Please press * to continue:

‘Indian Mobile VAS industry revenues estimated at $2bn by 2008’- Well, this is the sort of headline that overestimates the size of this nascent industry. One common practice (mistake) that most market researchers commit while trying to estimate/project the size of Mobile VAS is to include the P2P (person-to-person) SMS revenues as well. However, when one is purely looking at revenue recurring to VAS players, the number is surprisingly small.

The skewed revenue distribution is one reason to boot. The revenue from P2P SMS is entirely pocketed by the Telco’s; hence pure VAS players (except for the platform providers) do not make any money out of it. Out of the rest of services under VAS, the Telco’s continue to pocket another 60-80% of the revenues from the end user. Here’s what a recent research report by IMRB suggests in terms of revenue share.

MVAS Revenue
Telco’s 2,185-2,910 crores
Technology enabler 364-730 crores
Content Aggregator 364-545 crores
Content Owner 180-364 crores
Total (Including Telco’s share) ~3,100-4,500 crores
Total (Excluding Telco share) ~900-1650 crores
ARPU Split of Rs 250
Call charges & Rentals 90% Rs 225 Rentals, Call Charges, etc.
P2P SMS 5% Rs 12.50 This does not through to the VAS Providers
VAS 5% Rs 12.50 ~ $1 billion annualised revenue
Revenue for VASPs 15-20% of the above Rs 2 $250-350 million annualised revenue

As the tables show, the revenue accruing to the VAS players is about $200-350 Mn (Never mind that OnMobile’s turnover is ~$200 Mn). Net-net, VAS players make just Rs 2 out of Rs 250 ARPU. This turnover however, does not include the revenues of platform & software providers, which we estimate at ~$100 Mn, taking the total revenues accruing to VAS related players to about ~$300-400 Mn. But, look at the number of investments in the space, the total size is close to ~$200-300 Mn in the past few years.

A $300 Mn investment into an industry with a size of $450 Mn- seems a bit stretched? But the investment thesis is based on the growth rate estimations which are upwards of 50-70% YOY for many years to come. With ARPU’s at $6-8 a month and declining further, along with a ‘cooled off’ subscriber growth- the 70% growth mark seems like an uphill task.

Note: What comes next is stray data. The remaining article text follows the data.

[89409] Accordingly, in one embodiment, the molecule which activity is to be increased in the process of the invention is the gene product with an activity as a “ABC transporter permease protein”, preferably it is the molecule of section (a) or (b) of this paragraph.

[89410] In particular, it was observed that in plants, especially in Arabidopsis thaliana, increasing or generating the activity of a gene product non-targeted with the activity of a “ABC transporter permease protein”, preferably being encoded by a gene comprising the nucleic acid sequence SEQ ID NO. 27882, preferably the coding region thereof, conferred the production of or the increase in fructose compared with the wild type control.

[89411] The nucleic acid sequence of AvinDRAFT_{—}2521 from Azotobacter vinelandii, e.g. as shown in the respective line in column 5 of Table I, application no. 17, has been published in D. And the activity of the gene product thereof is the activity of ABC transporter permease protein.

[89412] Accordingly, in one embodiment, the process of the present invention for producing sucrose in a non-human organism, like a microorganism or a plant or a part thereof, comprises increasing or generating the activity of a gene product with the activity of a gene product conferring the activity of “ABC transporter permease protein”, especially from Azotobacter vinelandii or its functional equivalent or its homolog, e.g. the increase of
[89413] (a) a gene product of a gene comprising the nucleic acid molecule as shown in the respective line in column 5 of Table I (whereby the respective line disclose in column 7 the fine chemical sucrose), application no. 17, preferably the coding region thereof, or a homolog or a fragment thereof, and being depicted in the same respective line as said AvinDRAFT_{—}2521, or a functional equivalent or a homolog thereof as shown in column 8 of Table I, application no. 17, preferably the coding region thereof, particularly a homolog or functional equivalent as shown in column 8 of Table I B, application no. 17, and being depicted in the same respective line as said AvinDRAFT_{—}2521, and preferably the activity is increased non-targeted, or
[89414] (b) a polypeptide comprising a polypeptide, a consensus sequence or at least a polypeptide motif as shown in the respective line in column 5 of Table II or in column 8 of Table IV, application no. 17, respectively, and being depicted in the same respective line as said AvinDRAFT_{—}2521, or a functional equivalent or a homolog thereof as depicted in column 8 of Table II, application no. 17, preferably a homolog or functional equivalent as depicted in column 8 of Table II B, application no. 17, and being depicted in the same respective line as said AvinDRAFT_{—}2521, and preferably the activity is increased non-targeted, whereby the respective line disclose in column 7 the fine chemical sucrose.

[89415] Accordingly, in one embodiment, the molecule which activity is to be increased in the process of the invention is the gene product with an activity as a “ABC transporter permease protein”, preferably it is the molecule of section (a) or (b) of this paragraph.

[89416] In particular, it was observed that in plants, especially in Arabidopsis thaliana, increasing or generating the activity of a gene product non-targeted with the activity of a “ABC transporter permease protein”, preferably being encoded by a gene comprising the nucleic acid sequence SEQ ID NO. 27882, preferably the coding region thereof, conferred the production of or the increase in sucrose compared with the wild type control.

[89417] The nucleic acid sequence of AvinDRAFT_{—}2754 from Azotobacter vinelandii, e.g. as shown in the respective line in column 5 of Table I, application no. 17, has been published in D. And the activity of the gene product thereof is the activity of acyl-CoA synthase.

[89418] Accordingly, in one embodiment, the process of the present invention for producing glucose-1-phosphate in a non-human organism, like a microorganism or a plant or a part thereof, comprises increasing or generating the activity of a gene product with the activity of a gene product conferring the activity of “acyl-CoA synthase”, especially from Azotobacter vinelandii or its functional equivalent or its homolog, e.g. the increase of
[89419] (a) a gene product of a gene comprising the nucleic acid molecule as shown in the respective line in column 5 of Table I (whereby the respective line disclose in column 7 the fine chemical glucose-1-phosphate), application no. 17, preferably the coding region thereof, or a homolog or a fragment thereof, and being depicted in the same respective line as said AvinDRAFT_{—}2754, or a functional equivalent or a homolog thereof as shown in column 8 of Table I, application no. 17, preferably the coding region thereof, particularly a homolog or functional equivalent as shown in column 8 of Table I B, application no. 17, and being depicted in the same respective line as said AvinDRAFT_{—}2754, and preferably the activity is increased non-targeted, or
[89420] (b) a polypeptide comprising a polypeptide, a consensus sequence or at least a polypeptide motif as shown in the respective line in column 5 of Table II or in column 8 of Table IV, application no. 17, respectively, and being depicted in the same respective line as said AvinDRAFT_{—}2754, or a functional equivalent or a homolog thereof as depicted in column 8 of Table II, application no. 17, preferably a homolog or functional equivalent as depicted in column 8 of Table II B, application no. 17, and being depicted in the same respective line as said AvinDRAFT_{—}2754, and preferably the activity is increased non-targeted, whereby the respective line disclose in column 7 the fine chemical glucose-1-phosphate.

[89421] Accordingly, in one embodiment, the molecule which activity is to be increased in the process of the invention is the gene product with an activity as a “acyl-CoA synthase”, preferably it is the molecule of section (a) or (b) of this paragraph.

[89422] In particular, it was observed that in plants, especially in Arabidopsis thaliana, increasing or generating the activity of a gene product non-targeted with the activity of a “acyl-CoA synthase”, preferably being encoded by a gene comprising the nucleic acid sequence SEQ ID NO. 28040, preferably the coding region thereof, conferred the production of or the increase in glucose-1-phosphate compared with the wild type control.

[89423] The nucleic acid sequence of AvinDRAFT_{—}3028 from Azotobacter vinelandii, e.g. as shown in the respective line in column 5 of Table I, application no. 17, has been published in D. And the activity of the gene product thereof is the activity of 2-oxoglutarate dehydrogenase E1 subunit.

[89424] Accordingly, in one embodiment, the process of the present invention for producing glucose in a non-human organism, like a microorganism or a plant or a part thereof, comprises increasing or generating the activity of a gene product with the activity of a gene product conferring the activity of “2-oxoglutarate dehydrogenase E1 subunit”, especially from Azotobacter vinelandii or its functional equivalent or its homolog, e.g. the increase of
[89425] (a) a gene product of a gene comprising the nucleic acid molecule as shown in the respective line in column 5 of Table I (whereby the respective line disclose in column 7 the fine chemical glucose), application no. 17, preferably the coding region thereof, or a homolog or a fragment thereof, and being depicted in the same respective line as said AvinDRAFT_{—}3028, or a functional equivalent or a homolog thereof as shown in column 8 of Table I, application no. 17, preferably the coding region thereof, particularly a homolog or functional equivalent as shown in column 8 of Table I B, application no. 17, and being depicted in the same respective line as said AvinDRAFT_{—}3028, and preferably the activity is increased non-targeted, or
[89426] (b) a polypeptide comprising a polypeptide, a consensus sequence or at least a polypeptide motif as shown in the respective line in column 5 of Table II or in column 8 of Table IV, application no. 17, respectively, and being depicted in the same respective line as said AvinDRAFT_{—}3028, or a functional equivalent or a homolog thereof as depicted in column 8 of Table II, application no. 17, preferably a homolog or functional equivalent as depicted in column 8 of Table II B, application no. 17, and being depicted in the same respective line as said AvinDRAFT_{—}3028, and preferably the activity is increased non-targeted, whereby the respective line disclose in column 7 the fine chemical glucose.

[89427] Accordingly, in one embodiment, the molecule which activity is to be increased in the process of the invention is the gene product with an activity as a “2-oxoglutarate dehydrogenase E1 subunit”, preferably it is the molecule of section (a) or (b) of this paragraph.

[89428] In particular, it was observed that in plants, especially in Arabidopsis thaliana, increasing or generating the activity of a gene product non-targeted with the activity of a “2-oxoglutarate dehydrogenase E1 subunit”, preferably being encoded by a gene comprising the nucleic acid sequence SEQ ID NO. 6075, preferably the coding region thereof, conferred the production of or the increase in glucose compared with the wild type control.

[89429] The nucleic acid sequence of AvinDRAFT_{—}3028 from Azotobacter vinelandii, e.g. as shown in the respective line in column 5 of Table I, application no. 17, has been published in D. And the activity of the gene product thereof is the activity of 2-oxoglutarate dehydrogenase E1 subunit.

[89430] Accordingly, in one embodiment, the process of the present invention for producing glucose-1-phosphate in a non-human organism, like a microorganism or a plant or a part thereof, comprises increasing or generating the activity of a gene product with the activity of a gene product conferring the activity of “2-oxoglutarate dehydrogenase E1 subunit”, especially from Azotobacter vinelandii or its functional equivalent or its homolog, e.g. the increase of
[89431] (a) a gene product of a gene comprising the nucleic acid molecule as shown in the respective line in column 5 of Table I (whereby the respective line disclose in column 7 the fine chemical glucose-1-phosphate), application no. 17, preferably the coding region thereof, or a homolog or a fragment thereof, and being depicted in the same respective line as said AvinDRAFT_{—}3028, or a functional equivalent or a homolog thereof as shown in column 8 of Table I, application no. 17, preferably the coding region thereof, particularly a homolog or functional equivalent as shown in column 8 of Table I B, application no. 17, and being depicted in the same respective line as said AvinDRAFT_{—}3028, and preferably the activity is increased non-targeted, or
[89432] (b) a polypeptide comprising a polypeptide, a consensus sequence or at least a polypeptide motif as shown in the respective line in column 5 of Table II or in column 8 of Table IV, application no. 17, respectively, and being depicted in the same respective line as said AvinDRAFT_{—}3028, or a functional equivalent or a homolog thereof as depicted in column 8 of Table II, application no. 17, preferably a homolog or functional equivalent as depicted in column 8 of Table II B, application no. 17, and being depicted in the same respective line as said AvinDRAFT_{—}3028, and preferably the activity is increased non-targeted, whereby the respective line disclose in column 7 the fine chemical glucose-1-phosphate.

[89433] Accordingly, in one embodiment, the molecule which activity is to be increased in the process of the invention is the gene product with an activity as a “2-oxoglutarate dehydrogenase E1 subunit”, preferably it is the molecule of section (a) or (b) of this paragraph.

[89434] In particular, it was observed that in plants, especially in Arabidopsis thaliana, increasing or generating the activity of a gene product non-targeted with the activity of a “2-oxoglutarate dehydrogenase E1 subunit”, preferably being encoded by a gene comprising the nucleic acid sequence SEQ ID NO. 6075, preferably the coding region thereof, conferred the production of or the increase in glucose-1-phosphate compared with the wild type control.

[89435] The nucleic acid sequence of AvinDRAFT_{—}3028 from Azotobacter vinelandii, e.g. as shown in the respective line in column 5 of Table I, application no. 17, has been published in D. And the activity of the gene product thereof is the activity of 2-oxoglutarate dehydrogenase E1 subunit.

The VC’s who joined the bandwagon and generally the investment community seems to have woken up to this idea. Any new VAS business plan, according to them must ‘by-pass the mobile operator’- well, that’s easier said than done. This one time ‘hot’ investment sector can now be found in the ‘deep freezer’ cabinets (There are odd investments like Telibhramha which have ‘by-passed’ the telco’s, though). So, where do we see the industry headed- when you start hearing ‘nobody’s making money in our sector’, start counting the days before you hear about an acquisition. ‘Consolidation’ is knocking at the door -and we expect that it’s about time the VAS players opened their doors.

Consolidation has already started- OnMobile acquired Voxmobili SA, a French company that provides software services to telecom companies, for $35.12 million. It acquired another company Telisma a speech recognition software product company with capabilities in 10 Indian languages and ITFinity Solutions, a company funded by stellar private investors. The management has been reiterating its intentions to buy ‘products’ to strengthen its portfolio of offerings and to acquire new technologies (e.g.: ITFinity had a strong Java client, which OnMobile wanted).

We believe that the trend will continue in the next few years and to quote OnMobile’s management – “We believe that there will be consolidation – the large will become larger, and a large number of smaller players will consolidate.” The key deal drivers will include technology, products and once steam has gathered again, the ones present in other emerging markets as well. We however believe that content will not be an important driver alone for deals in this space.


About Deepak
Venture Capital and M&A advisor, Entrepreneur, Startup enthusiast..

Leave a Reply

Fill in your details below or click an icon to log in: Logo

You are commenting using your account. Log Out /  Change )

Google+ photo

You are commenting using your Google+ account. Log Out /  Change )

Twitter picture

You are commenting using your Twitter account. Log Out /  Change )

Facebook photo

You are commenting using your Facebook account. Log Out /  Change )


Connecting to %s

%d bloggers like this: